So the challenge I want to issue to all the moms out there is to begin using “I” statements for anything that is related to you. Stop directing all of your efforts and activities towards your children or family. Begin to focus on your health, your healing journey, and through this increased balance in your own life see how the health of those dear to you is also transformed. You and your family are worth this effort.

Tags: , , , ,
Posted in Nutritional and Lifestyle Support/Modification |

Men’s Health

March 23rd, 2013

I have been told over and over by a business coach friend of mine that if I want people to be engaged in my writings, video blogs, public talks, etc., I should focus on sex. “That’s all people want to hear about.” In my experience with patients, men and women often both have questions about how to improve this aspect of their relationships and lives, although women are often more adept at discussing this topic. So I figure if we are going to broach the subject here, the month of June and Father’s Day provide a good time address sex and men’s health.

Men of all ages are generally searching for ways to improve their performance and stamina in the bedroom. A few years back I had one patient reach out to me looking for a few recommendations. Knowing that this individual’s dietary and behavioral practices could use a major overhaul I said to him, “Number one and number two are stop drinking alcohol daily and stop smoking.” Without missing a beat he said, “What’s number three?” It is funny to think back and in retrospect if I could have stopped laughing long enough to collect my thoughts I would have told him that number three was to begin exercising every day. Exercise is an incredibly important component of our overall health. Research has shown that working out daily for 30 to 60 minutes with moderate intensity can improve sexual function and testosterone levels. (J. Sex Medicine. 2013 May 1)

Physical exertion where our muscles are contracting and relaxing improves blood flow throughout the entire body. Exercise for both men and women will improve blood flow into the genital area, resulting in a heightened sense of arousal and pleasure. For men this can improve the strength of their erections; and for women the elevated pleasure from the increased blood flow can result in stronger orgasms. A potential benefit even greater than the physical manifestation is the connection and intimacy that can result when couples exercise together. Increased intimacy in relationships is not a trait unique to female partners.

This is encouraging news; both partners generally desire an increase in intimacy and sexual activity. By syncing up the desire with physical activity, it is possible to have it all. So, if you are not exercising regularly, start now. The benefits in the bedroom are in addition to the weight loss, increased energy, and improved cardiovascular health among many other benefits that we see when individuals begin exercising regularly. You just can’t lose!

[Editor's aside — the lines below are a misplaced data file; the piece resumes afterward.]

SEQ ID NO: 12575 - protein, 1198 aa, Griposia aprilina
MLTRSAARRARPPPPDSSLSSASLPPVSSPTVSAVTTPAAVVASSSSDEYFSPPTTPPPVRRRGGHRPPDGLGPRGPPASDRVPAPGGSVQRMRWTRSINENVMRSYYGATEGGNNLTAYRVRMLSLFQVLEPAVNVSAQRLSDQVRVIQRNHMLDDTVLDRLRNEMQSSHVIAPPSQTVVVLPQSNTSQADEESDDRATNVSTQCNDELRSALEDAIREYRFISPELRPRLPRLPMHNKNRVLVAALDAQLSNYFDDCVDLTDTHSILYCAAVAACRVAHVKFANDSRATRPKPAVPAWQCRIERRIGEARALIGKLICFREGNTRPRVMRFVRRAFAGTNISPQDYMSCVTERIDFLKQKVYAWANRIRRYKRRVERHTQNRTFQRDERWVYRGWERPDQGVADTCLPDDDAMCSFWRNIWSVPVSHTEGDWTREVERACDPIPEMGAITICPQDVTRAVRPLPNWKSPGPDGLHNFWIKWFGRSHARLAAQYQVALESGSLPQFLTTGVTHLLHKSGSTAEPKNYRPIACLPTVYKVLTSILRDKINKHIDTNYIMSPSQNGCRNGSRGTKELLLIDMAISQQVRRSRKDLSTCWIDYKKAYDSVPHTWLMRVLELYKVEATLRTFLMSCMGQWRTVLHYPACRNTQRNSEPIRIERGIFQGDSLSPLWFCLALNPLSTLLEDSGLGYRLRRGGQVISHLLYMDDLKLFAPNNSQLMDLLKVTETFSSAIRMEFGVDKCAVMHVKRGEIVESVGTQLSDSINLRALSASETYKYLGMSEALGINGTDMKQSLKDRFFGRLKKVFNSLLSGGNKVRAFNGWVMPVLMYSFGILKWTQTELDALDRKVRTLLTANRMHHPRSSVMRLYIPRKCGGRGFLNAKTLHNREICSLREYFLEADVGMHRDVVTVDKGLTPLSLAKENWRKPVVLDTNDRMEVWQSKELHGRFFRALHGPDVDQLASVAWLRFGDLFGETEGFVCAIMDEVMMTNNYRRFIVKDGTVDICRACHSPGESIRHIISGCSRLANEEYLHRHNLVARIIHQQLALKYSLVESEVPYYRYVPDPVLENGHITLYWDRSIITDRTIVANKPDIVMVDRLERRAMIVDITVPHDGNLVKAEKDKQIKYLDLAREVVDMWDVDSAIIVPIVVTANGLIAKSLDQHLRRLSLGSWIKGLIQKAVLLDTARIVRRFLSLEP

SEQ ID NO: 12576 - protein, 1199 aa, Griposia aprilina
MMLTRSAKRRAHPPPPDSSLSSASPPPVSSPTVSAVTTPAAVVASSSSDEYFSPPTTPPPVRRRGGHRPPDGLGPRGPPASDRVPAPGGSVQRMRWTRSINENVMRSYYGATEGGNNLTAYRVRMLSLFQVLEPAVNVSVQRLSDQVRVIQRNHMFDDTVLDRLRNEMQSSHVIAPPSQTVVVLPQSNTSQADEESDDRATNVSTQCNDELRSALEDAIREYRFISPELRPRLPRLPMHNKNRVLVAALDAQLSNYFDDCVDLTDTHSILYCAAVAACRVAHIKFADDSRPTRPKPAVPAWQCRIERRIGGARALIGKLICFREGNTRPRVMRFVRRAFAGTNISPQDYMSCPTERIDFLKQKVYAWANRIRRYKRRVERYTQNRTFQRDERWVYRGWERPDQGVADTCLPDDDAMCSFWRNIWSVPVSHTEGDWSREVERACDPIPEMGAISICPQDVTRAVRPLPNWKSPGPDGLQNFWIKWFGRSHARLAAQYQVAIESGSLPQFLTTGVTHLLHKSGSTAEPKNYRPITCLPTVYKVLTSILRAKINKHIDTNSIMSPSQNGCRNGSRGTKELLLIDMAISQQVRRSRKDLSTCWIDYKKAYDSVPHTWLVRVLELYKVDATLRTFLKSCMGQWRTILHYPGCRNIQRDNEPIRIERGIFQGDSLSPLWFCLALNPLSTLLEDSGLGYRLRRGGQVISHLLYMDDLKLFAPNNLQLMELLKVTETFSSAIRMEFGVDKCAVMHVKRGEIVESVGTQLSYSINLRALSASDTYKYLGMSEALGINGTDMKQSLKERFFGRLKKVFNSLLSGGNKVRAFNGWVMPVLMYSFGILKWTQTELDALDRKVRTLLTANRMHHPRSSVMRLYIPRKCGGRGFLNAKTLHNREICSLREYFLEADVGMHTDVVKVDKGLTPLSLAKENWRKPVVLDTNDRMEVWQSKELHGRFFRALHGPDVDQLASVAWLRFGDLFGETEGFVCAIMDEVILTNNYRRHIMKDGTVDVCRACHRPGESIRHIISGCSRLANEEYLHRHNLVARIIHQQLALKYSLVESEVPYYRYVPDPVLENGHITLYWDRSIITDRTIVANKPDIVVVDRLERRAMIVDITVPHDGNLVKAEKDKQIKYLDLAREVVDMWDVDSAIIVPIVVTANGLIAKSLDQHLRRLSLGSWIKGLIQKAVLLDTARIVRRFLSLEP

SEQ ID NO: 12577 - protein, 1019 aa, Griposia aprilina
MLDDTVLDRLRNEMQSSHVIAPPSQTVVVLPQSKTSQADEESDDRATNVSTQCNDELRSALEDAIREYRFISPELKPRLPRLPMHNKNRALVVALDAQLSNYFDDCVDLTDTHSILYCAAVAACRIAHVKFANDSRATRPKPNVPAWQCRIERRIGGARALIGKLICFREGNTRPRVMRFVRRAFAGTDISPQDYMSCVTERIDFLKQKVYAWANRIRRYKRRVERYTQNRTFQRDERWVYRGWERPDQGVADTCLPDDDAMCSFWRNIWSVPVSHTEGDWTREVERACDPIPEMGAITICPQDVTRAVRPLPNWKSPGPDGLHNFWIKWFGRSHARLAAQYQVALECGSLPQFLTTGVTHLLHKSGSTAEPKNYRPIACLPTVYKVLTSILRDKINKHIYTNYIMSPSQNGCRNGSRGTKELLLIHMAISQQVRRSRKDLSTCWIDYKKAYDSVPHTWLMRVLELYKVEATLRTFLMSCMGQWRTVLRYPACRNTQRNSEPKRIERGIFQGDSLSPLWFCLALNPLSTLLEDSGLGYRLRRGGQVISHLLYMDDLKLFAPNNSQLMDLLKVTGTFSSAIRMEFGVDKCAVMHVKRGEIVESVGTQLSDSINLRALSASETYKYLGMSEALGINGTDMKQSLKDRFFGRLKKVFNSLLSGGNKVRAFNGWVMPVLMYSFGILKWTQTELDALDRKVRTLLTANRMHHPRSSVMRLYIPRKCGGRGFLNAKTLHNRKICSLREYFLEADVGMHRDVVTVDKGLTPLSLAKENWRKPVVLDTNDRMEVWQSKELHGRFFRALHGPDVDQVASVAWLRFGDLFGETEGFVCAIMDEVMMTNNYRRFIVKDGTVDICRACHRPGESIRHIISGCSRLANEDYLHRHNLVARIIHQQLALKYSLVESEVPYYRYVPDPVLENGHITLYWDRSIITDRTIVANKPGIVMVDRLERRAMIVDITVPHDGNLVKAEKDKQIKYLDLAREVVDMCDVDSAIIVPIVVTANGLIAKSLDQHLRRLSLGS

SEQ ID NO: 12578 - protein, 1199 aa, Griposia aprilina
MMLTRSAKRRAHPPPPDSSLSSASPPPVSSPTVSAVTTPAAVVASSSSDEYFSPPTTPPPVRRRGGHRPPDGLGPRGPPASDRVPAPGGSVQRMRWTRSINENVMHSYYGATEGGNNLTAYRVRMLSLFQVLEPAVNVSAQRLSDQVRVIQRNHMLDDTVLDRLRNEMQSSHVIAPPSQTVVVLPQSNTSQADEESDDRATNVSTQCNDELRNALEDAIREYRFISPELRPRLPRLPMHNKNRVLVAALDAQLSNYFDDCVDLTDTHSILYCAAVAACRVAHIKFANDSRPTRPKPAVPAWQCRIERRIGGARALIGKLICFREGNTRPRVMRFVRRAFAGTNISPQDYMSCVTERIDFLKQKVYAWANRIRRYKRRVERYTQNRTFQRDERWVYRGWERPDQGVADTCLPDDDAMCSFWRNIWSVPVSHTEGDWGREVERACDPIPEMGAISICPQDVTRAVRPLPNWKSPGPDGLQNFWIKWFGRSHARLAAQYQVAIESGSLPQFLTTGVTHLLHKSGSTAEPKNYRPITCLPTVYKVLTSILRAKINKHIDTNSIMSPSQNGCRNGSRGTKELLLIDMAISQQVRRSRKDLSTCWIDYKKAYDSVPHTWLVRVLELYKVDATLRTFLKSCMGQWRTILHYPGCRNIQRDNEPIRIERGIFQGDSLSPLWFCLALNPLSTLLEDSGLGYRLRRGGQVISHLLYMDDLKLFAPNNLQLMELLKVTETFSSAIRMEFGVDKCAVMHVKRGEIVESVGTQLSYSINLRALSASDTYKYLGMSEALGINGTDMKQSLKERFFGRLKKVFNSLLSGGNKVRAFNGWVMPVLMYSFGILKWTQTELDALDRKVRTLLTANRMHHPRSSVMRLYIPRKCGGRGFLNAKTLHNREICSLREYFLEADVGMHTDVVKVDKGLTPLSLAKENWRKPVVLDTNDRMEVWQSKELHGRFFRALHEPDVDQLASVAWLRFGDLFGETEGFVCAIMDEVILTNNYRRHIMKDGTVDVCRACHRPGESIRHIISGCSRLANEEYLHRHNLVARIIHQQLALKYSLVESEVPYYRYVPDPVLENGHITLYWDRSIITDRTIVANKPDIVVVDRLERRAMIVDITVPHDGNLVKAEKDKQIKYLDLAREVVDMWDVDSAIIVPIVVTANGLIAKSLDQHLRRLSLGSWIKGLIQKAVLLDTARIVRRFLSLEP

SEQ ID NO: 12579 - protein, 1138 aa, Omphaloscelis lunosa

Posted in Nutritional and Lifestyle Support/Modification |

Your Gut Your Health!

October 2nd, 2012

We are heading into the time of year when sweets abound. Every weekend and every get together provides ample opportunity for eating foods that can stress our digestive system. When we consume foods that we typically don’t eat it can throw our digestive tract into a downward spiral. Probiotics can be just the ticket to getting things back on track. Be sure to keep a high quality, multi-flora probiotic on hand to use at the first sign of digestive disturbance. You may be amazed at how significantly it will help.

Posted in Nutritional and Lifestyle Support/Modification |

Read This Book

September 15th, 2012

OVERDO$ED AMERICA: The Broken Promise of American Medicine,  by John Abramson, MD

Patients often ask me to recommend books on cultivating a healthy lifestyle or natural healing. I am always happy to do that, although I believe OVERDO$ED AMERICA is a much more valuable read. It is quite possibly one of the most important books on our medical system from the past decade, yet too few individuals have been exposed to this book or the message that it conveys. My intention with this column is to inspire the readers of the “SI Fitness Source” to discover this book for themselves so that they too may then share the information with those important people in their lives. The American health paradigm has to change. It is broken, and it is our responsibility to fix it. OVERDO$ED AMERICA may be just the tool we need to create a wave of knowledge and then reform the system that directly affects us all.

Dr. John Abramson is a research fellow and faculty instructor at Harvard Medical School. In many ways he epitomizes the conventional medical system. Yet this physician is smart enough to question the conventional research methodology and brave enough to voice his concerns to his peers and the public. In his book he shares both the research and the concerns in a manner that is concise and easily discernible to the average reader. At the core of the concerns is the monetary interests of the businesses that control our disease based medical system.

Doctor Abramson writes: